At the beginning of April, Crypto Briefing published an article that explored and discussed the reasons why the price of Ether (ETH) had experienced a near three-month slide, pushing it from its January high of $1,400 to little over $400.
However since publication, the downward trend has been reversed and from a nadir of $366, ETH is currently trading at over $700: a 91% increase according to CoinMarketCap. This global uptick comes despite the New York Times reporting that an ex-chair of the SEC believes that ETH may be operating as an unregistered security in the U.S.
The recovery of ERC-20 tokens has, of course, had a lot to do with the upward trend of the ETH price – but immediate proximate causes are thin on the ground.
In the past two weeks, the platform Chile’s National Energy Commission announced it was piloting a scheme to use the Ethereum network to record the country’s energy consumption; and just last week, the American tech-giant Amazon, which has a current valuation of nearly $800 billion, announced it would begin rolling out its own frameworks for users to build their own networks on Ethereum.
These are important developments, but surely not enough to drive such a dramatic recovery in the value of Ether. Which leads to another conclusion entirely…
The price of ETH is going up because the world believes in the Ethereum project.
In other words, the cryptocurrency economy has come to the conclusion that – at least for the foreseeable future – Ether is going to continue powering ICOs, and laying the foundation for distributed applications. Ethereum IS the decentralized future.
A successor did not emerge during the downturn. NEO has not yet shown its hand.
So for now, the world belongs to Ethereum.
And this is cemented by the news on Friday that Ethereum’s founder, Vitalik Buterin, has submitted a proposal for review that calls for the creation hybrid consensus model that integrates key aspects of Proof-of-Stake (PoS) with the Proof-of-Work (PoW) method it already uses – which could help solidify Ethereum’s position at the top of the… well, pyramid.
How Ethereum view the decentralized future.
Unlike other projects where a core team of developers propose, create and then implement updates or improvements, Ethereum enables anyone to propose changes, which have to then be agreed by the whole community.
Known as Ethereum Improvement Proposals (EIPs), they enable mass-participation in decisions that could fundamentally change the future of the network.
Vitalik’s proposal, known as EIP 1011, is big stuff: to date, no major network has managed to change the way it reaches consensus, and according to Ethereum’s core development team, it represents the first step in a drive to move the platform to a completely PoS model.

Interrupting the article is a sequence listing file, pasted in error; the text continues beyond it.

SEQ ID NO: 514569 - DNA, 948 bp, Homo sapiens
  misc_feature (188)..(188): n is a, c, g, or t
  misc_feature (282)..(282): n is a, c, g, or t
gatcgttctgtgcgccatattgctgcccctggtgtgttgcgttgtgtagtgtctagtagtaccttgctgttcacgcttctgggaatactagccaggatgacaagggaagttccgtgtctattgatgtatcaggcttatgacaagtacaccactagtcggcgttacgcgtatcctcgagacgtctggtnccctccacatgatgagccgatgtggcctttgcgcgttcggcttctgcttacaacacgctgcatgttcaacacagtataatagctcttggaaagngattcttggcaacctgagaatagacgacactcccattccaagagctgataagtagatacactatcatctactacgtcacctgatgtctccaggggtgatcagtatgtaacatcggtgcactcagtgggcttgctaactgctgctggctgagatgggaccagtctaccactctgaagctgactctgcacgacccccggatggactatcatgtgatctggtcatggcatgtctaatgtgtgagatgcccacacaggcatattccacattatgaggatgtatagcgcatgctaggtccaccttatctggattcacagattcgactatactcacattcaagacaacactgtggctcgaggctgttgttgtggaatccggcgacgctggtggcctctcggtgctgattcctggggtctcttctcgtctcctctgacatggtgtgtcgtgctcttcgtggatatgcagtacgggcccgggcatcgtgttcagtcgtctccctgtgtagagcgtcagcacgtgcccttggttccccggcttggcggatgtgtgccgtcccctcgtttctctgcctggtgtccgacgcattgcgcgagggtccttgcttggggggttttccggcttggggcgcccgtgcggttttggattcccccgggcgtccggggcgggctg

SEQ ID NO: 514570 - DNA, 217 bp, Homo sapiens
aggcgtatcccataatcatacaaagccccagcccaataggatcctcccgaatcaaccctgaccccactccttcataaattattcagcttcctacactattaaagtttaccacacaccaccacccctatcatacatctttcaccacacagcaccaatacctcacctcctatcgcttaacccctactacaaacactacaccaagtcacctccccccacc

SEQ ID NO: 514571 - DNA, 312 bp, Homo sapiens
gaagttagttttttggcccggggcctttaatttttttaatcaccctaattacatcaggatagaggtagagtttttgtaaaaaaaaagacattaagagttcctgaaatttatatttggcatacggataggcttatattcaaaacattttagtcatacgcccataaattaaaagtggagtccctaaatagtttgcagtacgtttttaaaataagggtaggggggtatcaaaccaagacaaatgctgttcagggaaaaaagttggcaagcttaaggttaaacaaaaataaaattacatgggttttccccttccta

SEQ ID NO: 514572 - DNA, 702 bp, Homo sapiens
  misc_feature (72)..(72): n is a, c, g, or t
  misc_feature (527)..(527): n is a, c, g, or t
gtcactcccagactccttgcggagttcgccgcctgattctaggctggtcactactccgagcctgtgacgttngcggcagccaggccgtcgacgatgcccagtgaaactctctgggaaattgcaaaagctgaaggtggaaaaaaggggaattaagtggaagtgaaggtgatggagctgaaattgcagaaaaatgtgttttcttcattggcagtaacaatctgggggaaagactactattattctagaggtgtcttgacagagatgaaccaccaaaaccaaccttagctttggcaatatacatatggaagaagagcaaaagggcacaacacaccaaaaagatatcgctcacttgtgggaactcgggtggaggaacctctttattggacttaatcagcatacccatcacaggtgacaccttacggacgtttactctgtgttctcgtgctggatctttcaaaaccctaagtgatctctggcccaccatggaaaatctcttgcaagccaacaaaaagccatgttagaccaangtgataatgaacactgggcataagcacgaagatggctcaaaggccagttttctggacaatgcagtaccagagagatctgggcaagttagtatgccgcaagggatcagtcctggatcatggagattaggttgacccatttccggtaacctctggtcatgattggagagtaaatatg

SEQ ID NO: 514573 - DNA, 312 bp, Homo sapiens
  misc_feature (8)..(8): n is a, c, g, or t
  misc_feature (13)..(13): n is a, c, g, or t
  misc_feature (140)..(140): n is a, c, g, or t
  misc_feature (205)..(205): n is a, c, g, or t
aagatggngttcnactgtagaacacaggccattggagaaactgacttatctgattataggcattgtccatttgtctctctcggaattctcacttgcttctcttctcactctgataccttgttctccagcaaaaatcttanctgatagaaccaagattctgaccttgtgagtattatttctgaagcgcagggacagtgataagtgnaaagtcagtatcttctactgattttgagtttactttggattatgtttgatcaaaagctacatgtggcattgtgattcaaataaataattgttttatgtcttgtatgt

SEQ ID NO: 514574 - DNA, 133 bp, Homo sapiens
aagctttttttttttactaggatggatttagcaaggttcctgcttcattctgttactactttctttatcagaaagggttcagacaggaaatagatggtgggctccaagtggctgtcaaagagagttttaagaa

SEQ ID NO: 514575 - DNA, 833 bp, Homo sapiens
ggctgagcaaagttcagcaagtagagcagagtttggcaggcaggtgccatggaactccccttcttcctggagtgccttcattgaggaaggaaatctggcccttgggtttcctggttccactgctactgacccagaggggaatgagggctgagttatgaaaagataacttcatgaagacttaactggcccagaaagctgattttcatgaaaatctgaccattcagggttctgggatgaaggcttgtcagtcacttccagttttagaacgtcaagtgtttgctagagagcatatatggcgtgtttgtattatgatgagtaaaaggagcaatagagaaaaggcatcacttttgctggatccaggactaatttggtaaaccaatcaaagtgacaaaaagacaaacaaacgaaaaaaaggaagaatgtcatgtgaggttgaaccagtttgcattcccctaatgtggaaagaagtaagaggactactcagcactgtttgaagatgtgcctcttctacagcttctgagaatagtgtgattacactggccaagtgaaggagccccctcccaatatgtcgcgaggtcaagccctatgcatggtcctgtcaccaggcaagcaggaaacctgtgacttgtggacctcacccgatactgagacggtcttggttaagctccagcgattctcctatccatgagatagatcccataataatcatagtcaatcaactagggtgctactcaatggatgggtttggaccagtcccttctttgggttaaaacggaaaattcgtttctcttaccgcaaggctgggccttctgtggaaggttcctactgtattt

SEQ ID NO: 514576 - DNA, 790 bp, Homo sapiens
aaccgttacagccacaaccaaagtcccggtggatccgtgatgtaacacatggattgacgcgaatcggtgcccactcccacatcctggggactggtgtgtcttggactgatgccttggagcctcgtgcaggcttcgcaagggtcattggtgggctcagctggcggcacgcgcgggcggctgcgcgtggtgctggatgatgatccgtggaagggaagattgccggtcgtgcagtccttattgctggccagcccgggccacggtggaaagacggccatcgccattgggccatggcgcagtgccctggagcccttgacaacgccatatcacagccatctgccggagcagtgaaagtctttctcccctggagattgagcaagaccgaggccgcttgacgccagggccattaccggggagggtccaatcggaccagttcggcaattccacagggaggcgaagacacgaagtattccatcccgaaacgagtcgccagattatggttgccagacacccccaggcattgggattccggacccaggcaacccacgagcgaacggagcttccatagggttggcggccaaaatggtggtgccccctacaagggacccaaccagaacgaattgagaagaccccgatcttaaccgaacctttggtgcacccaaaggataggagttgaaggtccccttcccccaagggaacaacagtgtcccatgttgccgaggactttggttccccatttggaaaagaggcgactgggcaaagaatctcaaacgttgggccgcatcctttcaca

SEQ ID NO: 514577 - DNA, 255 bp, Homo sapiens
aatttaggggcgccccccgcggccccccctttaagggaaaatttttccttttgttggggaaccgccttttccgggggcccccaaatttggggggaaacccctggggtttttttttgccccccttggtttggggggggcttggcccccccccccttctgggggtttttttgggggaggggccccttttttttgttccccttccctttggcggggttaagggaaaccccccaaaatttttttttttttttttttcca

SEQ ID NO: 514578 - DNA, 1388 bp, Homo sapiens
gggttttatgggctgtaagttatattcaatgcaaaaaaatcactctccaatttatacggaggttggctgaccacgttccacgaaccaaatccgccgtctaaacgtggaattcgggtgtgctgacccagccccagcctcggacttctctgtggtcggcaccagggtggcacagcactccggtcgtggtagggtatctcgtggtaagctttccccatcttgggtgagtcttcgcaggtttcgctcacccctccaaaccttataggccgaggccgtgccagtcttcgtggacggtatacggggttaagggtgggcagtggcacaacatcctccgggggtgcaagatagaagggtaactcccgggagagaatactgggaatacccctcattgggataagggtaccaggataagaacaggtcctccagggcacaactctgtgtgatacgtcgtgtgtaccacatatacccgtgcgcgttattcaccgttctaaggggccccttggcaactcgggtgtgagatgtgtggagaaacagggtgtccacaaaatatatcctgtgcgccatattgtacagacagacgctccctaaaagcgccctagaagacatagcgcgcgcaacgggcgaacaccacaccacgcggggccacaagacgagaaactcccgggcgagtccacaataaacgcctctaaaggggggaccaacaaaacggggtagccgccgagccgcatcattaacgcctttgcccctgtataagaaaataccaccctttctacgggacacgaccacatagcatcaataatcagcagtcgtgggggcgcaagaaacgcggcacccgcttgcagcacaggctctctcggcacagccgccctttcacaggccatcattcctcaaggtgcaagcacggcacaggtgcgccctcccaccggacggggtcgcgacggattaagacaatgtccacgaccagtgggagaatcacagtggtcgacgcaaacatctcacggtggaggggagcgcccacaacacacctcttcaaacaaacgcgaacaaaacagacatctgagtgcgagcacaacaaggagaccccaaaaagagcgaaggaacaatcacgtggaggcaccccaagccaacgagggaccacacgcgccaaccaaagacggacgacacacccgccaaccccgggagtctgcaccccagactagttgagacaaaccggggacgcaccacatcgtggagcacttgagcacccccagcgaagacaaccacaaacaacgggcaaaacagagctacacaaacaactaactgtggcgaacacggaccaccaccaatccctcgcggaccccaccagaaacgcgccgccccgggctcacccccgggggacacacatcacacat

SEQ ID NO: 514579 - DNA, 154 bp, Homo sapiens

However, instead of just going ahead, Buterin’s proposal has to have the approval of the community before it can be implemented. It sounds noble, but this very democratic approach causes Ethereum frequent headaches.
At the same time as debate rages on whether to move to PoS consensus, the Ethereum community is also split on a controversial proposal – EIP 999 – which wants to restore a smart contract library that ‘accidentally’ self-destructed back in November and held hundreds of millions of dollars in Ether.
To its supporters, it’s a sensible approach to restore lost funds: but to its many opponents, it sets a dangerous precedent whereby decisions that are supposed to be immutable can be conveniently reversed. The decentralized future isn’t supposed to look back.
With the community almost equally split, the issue could become as divisive as when Ethereum dealt with the DAO crisis in 2016: an event which led to parts of the community splitting away to create Ethereum Classic.
Is it smart to let other people make the decisions for you? (Satoshi thought so.)
EIPs seem an ineffective way to make decisions. It’s not news that Buterin’s a smart guy. He was 19 when he published Ethereum’s whitepaper and he became one of the world’s leading authorities on cryptocurrency and blockchain before he was even 22.
Putting decisions to people who are not as clever as you seems a bad idea – especially, as with EIP 999, when it has the potential to split the community in two.
However, by using EIPs Ethereum is trying to embody the principle that lies behind blockchain technology, namely that centralization leads to error and inefficiencies, whereas a network made up of equals, with the correct technology, can come to better decisions and work more effectively together.
Back in 2008, when Satoshi Nakamoto penned the famous whitepaper proposing a decentralized financial system, he did so against a backdrop of crumbling banks and governments that – as centralized institutions – had caused a financial meltdown from poor decision-making and management.
More than anything else, Nakamoto’s paper is an attack on the idea that one person or organization can be trusted to make decisions for a community; and through the use of dApps and smart contracts, Buterin’s Ethereum was designed to better embody this idée than Bitcoin ever could.
So when companies like Amazon and Chile’s Energy Authority express support for Ethereum, they do so in a project that advocates – and through EIPs – practices genuine decentralization.
Ethereum is rising… and its creators, aware of its limitations, are looking to develop the project beyond the confines of its current code.
If they are successful, this Ethereum bull run could be the start of a bull marathon.
And the gateway to the decentralized future that its creators and adherents espouse could be closing for newcomers to the table.